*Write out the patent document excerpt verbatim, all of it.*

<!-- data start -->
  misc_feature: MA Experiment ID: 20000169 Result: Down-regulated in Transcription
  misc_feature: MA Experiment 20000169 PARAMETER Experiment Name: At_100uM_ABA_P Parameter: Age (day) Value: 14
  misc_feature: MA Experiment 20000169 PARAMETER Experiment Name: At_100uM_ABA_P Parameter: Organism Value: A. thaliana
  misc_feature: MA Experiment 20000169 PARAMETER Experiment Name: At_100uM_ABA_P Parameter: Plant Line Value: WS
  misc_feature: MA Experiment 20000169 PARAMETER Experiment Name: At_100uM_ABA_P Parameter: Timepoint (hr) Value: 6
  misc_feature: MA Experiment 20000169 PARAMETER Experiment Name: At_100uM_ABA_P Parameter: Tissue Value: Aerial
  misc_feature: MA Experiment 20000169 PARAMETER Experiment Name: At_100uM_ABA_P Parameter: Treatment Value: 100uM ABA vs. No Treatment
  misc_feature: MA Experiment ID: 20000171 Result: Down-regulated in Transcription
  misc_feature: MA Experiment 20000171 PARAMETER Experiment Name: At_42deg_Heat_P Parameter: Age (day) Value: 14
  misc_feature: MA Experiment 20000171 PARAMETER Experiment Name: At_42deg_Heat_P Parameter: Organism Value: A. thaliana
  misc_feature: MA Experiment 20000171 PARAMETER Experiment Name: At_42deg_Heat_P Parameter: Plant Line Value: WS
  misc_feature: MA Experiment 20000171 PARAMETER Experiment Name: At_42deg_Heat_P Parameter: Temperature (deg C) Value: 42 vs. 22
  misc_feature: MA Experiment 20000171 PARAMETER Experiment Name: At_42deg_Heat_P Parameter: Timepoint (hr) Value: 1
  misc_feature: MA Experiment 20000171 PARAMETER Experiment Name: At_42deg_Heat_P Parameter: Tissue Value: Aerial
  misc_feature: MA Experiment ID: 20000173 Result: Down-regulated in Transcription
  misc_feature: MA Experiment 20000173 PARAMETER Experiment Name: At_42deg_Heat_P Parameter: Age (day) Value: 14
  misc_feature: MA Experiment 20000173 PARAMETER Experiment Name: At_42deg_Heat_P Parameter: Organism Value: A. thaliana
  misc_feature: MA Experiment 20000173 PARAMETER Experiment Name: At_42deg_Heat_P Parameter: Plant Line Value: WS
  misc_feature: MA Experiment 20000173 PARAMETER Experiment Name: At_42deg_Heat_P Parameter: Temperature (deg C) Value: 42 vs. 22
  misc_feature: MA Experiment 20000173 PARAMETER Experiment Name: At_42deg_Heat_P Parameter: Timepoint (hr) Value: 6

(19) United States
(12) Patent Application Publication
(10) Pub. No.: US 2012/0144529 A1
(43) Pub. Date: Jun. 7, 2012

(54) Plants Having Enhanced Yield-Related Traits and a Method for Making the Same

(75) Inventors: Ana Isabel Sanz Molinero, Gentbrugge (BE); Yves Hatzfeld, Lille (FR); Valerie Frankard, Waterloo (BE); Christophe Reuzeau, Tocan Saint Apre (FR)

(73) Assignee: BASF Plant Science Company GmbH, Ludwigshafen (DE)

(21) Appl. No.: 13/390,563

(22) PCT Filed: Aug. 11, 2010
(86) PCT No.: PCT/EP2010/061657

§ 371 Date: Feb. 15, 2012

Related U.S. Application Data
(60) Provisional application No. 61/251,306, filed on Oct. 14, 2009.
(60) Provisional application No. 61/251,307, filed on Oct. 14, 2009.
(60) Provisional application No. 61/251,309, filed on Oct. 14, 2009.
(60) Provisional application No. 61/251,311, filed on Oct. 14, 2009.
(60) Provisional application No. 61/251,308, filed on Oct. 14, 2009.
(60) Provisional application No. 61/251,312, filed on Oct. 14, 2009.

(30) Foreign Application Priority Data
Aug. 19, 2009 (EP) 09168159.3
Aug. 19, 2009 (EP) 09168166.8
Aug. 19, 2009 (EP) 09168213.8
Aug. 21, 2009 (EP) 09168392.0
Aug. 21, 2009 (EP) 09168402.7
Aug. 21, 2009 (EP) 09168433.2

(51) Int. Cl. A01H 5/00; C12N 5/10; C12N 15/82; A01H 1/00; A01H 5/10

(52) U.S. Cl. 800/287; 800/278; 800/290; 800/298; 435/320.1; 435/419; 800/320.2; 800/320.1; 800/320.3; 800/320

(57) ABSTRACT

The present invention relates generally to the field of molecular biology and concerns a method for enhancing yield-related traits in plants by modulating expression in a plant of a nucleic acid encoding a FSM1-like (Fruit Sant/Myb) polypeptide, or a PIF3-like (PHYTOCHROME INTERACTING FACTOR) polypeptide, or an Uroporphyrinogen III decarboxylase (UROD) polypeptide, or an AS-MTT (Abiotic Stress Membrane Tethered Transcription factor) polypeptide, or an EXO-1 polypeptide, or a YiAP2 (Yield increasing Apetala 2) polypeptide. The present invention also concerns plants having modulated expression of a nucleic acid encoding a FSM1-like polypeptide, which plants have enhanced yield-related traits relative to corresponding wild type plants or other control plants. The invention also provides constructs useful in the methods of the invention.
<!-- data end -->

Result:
  misc_feature: MA Experiment ID: 20000169 Result: Down-regulated in Transcription
  misc_feature: MA Experiment 20000169 PARAMETER Experiment Name: At_100uM_ABA_P Parameter: Age (day) Value: 14
  misc_feature: MA Experiment 20000169 PARAMETER Experiment Name: At_100uM_ABA_P Parameter: Organism Value: A. thaliana
  misc_feature: MA Experiment 20000169 PARAMETER Experiment Name: At_100uM_ABA_P Parameter: Plant Line Value: WS
  misc_feature: MA Experiment 20000169 PARAMETER Experiment Name: At_100uM_ABA_P Parameter: Timepoint (hr) Value: 6
  misc_feature: MA Experiment 20000169 PARAMETER Experiment Name: At_100uM_ABA_P Parameter: Tissue Value: Aerial
  misc_feature: MA Experiment 20000169 PARAMETER Experiment Name: At_100uM_ABA_P Parameter: Treatment Value: 100uM ABA vs. No Treatment
  misc_feature: MA Experiment ID: 20000171 Result: Down-regulated in Transcription
  misc_feature: MA Experiment 20000171 PARAMETER Experiment Name: At_42deg_Heat_P Parameter: Age (day) Value: 14
  misc_feature: MA Experiment 20000171 PARAMETER Experiment Name: At_42deg_Heat_P Parameter: Organism Value: A. thaliana
  misc_feature: MA Experiment 20000171 PARAMETER Experiment Name: At_42deg_Heat_P Parameter: Plant Line Value: WS
  misc_feature: MA Experiment 20000171 PARAMETER Experiment Name: At_42deg_Heat_P Parameter: Temperature (deg C) Value: 42 vs. 22
  misc_feature: MA Experiment 20000171 PARAMETER Experiment Name: At_42deg_Heat_P Parameter: Timepoint (hr) Value: 1
  misc_feature: MA Experiment 20000171 PARAMETER Experiment Name: At_42deg_Heat_P Parameter: Tissue Value: Aerial
  misc_feature: MA Experiment ID: 20000173 Result: Down-regulated in Transcription
  misc_feature: MA Experiment 20000173 PARAMETER Experiment Name: At_42deg_Heat_P Parameter: Age (day) Value: 14
  misc_feature: MA Experiment 20000173 PARAMETER Experiment Name: At_42deg_Heat_P Parameter: Organism Value: A. thaliana
  misc_feature: MA Experiment 20000173 PARAMETER Experiment Name: At_42deg_Heat_P Parameter: Plant Line Value: WS
  misc_feature: MA Experiment 20000173 PARAMETER Experiment Name: At_42deg_Heat_P Parameter: Temperature (deg C) Value: 42 vs. 22
  misc_feature: MA Experiment 20000173 PARAMETER Experiment Name: At_42deg_Heat_P Parameter: Timepoint (hr) Value: 6

(19) United States
(12) Patent Application Publication
(10) Pub. No.: US 2012/0144529 A1
(43) Pub. Date: Jun. 7, 2012

(54) Plants Having Enhanced Yield-Related Traits and a Method for Making the Same

(75) Inventors: Ana Isabel Sanz Molinero, Gentbrugge (BE); Yves Hatzfeld, Lille (FR); Valerie Frankard, Waterloo (BE); Christophe Reuzeau, Tocan Saint Apre (FR)

(73) Assignee: BASF Plant Science Company GmbH, Ludwigshafen (DE)

(21) Appl. No.: 13/390,563

(22) PCT Filed: Aug. 11, 2010
(86) PCT No.: PCT/EP2010/061657

§ 371 Date: Feb. 15, 2012

Related U.S. Application Data
(60) Provisional application No. 61/251,306, filed on Oct. 14, 2009.
(60) Provisional application No. 61/251,307, filed on Oct. 14, 2009.
(60) Provisional application No. 61/251,309, filed on Oct. 14, 2009.
(60) Provisional application No. 61/251,311, filed on Oct. 14, 2009.
(60) Provisional application No. 61/251,308, filed on Oct. 14, 2009.
(60) Provisional application No. 61/251,312, filed on Oct. 14, 2009.

(30) Foreign Application Priority Data
Aug. 19, 2009 (EP) 09168159.3
Aug. 19, 2009 (EP) 09168166.8
Aug. 19, 2009 (EP) 09168213.8
Aug. 21, 2009 (EP) 09168392.0
Aug. 21, 2009 (EP) 09168402.7
Aug. 21, 2009 (EP) 09168433.2

(51) Int. Cl. A01H 5/00; C12N 5/10; C12N 15/82; A01H 1/00; A01H 5/10

(52) U.S. Cl. 800/287; 800/278; 800/290; 800/298; 435/320.1; 435/419; 800/320.2; 800/320.1; 800/320.3; 800/320

(57) ABSTRACT

The present invention relates generally to the field of molecular biology and concerns a method for enhancing yield-related traits in plants by modulating expression in a plant of a nucleic acid encoding a FSM1-like (Fruit Sant/Myb) polypeptide, or a PIF3-like (PHYTOCHROME INTERACTING FACTOR) polypeptide, or an Uroporphyrinogen III decarboxylase (UROD) polypeptide, or an AS-MTT (Abiotic Stress Membrane Tethered Transcription factor) polypeptide, or an EXO-1 polypeptide, or a YiAP2 (Yield increasing Apetala 2) polypeptide. The present invention also concerns plants having modulated expression of a nucleic acid encoding a FSM1-like polypeptide, which plants have enhanced yield-related traits relative to corresponding wild type plants or other control plants. The invention also provides constructs useful in the methods of the invention.